Institute for Informatics
Georg-August-Universität Göttingen

Databases and Information Systems

Uni Göttingen

Web Data Integration and Data Management
Winter 2018/19

Prof. Dr. Wolfgang May
Lars Runge, M.Sc.,
Sebastian Schrage, M.Sc.

Technical Data

  • Advanced Bachelor or Master/Diploma in Applied Computer Science or Information Systems (Wirtschaftsinformatik)
  • Prerequisites/Vorbedingungen: Basic Knowledge in e.g. XML and/or RDF
  • 6 ECTS
  • Number of participants: max. 10
  • Language: German and english are allowed. Reading of english text/documentation is required.


There is a lot of data available in the Web and in the Semantic Web. Web data is usually provided in a human-readable form of Web pages (including forms, the so-called Deep Web), while it cannot be processed in a database-style way by users. Data Extraction, e.g. from the CIA World Factbook or from Wikipedia, is thus a neverending "hot topic". Apart from pattern-based approaches, also Natural Language Processing Approaches are used.

The Semantic Web (cf. lecture Semantic Web) makes some attempts to provide, extend and/or annotate Web Data towards a machine-readable way. For this, the RDF data format is used, together with the OWL ontology language for describing metadata.

Form of the Seminar

The intention of the seminar is to get an overview of the state of the art in data integration from the Web and background data management.

For each topic, the following has to be done:

  • a written tutorial-style paper that gives an overview of an approach,
  • evaluate some tools, write a report (installation, functionality, usability, ...) [optionally german or english]
  • prepare an illustrative medium-size case study using one or more tools (optionally: comparatively)
  • a presentation giving the tutorial and showing a demo of how to use it (about 90 minutes incl. discussion; optionally german or english).

Time Schedule

  • first meeting at the beginning of the semester:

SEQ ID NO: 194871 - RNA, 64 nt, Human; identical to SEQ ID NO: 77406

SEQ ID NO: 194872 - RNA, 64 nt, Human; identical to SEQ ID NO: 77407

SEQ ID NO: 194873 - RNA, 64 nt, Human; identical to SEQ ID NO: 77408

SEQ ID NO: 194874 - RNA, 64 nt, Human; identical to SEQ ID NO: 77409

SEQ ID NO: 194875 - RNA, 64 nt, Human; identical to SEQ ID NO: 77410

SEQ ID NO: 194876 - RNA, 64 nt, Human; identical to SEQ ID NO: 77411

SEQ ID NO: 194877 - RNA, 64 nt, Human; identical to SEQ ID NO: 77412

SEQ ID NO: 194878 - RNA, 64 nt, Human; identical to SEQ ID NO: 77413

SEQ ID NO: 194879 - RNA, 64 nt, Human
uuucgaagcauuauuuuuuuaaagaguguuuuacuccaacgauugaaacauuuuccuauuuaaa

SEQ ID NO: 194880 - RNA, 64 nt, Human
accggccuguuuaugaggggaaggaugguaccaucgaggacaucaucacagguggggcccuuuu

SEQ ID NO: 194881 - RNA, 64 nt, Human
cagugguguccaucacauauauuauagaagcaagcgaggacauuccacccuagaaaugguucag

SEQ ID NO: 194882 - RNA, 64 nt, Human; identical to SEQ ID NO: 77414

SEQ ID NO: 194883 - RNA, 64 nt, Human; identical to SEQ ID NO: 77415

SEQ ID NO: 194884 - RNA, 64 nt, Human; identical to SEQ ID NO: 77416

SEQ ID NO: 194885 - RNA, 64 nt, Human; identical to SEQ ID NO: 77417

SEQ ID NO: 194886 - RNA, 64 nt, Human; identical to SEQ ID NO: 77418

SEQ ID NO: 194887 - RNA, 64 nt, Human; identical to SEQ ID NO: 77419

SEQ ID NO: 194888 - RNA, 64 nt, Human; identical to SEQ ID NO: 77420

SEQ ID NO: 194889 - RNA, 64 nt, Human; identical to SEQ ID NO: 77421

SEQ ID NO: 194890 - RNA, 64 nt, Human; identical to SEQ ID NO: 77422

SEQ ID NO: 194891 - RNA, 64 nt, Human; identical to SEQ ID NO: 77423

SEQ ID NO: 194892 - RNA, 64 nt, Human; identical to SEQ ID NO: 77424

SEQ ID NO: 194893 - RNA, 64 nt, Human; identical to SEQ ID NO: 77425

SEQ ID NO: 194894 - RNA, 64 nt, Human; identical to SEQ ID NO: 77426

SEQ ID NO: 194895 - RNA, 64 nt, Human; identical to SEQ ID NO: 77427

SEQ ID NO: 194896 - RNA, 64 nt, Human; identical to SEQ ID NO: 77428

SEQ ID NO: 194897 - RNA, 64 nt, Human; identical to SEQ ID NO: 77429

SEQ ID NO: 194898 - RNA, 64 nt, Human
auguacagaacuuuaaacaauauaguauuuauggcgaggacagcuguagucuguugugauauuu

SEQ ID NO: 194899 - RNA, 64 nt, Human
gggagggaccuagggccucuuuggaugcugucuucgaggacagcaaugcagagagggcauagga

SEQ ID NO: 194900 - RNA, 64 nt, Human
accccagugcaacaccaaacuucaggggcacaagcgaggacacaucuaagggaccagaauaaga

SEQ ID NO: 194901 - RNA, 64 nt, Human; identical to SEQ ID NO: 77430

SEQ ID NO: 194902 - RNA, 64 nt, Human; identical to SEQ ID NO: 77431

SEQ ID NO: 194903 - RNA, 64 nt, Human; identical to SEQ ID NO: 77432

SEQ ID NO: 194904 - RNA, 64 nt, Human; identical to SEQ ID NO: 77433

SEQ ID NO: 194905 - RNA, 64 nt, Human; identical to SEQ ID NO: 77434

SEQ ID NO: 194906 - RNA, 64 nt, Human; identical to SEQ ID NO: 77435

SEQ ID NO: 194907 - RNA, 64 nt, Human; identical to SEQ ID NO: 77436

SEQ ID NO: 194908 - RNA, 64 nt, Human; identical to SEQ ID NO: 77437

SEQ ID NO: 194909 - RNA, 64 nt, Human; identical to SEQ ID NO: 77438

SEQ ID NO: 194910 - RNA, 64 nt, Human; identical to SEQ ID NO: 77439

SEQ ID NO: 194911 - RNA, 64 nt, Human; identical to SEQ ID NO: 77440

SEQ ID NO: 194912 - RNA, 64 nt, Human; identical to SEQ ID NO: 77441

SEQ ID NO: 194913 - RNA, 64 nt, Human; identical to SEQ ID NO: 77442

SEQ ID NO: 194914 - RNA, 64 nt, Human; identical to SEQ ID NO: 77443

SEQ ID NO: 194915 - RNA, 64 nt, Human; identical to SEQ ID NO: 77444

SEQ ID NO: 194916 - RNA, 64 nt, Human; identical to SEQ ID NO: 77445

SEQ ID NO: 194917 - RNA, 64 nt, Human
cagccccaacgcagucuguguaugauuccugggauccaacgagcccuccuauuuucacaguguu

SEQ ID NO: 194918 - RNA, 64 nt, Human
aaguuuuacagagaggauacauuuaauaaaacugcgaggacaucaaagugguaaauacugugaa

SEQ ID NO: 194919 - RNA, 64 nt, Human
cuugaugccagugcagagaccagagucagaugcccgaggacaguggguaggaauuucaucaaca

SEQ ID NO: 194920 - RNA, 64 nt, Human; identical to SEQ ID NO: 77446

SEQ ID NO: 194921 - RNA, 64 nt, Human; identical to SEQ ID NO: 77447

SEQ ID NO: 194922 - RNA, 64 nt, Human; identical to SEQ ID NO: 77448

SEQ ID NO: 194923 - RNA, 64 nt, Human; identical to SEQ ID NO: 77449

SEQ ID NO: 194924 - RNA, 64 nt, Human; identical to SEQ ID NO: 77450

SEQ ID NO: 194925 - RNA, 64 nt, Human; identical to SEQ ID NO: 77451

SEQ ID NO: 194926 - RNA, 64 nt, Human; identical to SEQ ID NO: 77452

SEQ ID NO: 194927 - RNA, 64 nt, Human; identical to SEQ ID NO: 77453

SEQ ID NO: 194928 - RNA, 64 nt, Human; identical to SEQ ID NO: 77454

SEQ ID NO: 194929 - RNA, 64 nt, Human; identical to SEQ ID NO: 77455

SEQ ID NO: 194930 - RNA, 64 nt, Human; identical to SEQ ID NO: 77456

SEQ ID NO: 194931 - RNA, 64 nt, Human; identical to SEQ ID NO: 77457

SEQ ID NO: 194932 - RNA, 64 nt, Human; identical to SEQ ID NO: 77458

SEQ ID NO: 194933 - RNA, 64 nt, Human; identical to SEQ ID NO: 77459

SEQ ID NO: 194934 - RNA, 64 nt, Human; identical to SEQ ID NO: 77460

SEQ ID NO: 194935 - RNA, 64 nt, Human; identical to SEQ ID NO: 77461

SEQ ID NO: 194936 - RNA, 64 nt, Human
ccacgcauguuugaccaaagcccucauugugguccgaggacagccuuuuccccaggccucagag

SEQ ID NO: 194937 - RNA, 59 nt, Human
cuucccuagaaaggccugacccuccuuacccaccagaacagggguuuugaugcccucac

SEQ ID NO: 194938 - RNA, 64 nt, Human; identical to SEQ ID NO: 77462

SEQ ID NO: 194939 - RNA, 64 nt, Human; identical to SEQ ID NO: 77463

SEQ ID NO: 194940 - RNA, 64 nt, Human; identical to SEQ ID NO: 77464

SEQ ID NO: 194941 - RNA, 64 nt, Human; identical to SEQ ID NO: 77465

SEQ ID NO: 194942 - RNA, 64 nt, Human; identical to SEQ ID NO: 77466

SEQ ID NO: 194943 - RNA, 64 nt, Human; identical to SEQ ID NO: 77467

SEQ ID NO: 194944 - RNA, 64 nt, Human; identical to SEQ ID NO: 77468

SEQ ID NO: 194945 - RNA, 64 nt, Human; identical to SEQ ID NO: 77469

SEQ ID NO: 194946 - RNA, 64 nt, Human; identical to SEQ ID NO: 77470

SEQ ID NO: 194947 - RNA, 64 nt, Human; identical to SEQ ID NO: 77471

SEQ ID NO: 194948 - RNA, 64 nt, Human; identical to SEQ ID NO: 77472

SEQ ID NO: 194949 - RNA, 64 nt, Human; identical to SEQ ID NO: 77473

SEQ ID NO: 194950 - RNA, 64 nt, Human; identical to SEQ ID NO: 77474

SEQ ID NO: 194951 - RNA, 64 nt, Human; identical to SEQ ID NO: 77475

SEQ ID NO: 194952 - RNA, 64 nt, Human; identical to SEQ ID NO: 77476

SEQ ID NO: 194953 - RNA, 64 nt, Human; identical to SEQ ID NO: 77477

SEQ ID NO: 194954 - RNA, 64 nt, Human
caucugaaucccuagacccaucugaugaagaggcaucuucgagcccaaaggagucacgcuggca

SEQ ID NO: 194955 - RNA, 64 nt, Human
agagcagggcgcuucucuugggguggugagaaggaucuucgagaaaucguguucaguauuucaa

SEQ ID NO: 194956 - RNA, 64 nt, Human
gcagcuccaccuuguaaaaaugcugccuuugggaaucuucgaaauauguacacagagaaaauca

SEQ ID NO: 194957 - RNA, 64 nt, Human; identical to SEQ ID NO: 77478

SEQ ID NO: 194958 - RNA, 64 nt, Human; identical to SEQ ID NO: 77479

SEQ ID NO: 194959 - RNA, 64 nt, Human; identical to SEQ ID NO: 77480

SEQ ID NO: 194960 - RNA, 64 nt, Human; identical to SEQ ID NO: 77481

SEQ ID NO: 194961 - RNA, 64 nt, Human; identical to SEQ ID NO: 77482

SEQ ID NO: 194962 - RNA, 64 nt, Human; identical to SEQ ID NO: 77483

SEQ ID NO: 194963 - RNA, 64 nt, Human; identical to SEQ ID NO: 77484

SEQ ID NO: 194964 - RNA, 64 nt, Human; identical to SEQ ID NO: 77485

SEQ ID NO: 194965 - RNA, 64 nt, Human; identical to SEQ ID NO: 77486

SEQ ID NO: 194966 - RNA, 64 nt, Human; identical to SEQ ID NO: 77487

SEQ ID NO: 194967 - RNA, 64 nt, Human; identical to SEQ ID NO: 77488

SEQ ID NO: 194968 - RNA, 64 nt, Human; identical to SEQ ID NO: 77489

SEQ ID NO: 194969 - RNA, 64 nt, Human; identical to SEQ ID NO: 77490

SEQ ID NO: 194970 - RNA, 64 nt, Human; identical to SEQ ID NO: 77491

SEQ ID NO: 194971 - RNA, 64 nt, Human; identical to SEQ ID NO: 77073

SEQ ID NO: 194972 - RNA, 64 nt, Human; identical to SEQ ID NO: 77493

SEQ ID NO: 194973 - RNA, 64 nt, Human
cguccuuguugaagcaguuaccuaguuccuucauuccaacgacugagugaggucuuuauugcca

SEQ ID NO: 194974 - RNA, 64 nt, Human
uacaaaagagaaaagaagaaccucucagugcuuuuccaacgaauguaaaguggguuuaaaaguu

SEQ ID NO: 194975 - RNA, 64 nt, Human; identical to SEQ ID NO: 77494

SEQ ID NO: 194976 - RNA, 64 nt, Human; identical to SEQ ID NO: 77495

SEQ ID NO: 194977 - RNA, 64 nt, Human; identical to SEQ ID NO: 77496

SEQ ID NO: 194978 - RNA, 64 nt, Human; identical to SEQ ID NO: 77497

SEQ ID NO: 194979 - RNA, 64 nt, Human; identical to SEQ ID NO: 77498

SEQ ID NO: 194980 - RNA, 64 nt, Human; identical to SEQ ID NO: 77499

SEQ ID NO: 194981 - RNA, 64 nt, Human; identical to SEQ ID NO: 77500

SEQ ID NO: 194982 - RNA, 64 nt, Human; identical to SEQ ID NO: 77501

Monday 22.10. 14h c.t. SR 2.101, IFI: First Meeting
    Assignment of topics and papers.
  • Nov/Dec: Meeting with each of the participants; for that date there must be evidence that the tutorial/presentation/case study will be successful.
  • Dec/Jan: preparation of case studies and presentations, individual meetings
  • Jan/Feb: presentations

Potential Topics

  • Query Languages (mostly for RDF):
    • Mark Kaminski and Egor V. Kostylev: Beyond Well-designed SPARQL (ICDT 2016). The paper is based on the SPARQL theory-practice papers by Arenas/Gutierrez/Perez that have been discussed in the Semantic Web lecture [Requires SemWeb]
    • Paolo Guagliardo and Leonid Libkin: Correctness of SQL Queries on Databases with Nulls (SIGMOD Record Sept.2017). The paper is about SQL; the talk should evaluate the paper and draw conclusions for SPARQL-style queries (where nulls are common). [Requires SemWeb]
    • An approach that presents a true algebra over RDF data.
      Leonid Libkin, Juan L. Reutter, Domagoj Vrgoc: Trial for RDF: adapting graph query languages for RDF data. PODS 2013: 201-212; and Martin Przyjaciel-Zablocki, Alexander Schätzle, and Georg Lausen TriAL-QL: Distributed Processing of Navigational Queries (WebDB 2015) [Requires SemWeb]
    • Jing Wang, Nikos Ntarmos, Peter Triantafillou: GraphCache (EDBT 2017) A Caching System for Graph Queries [Requires SemWeb]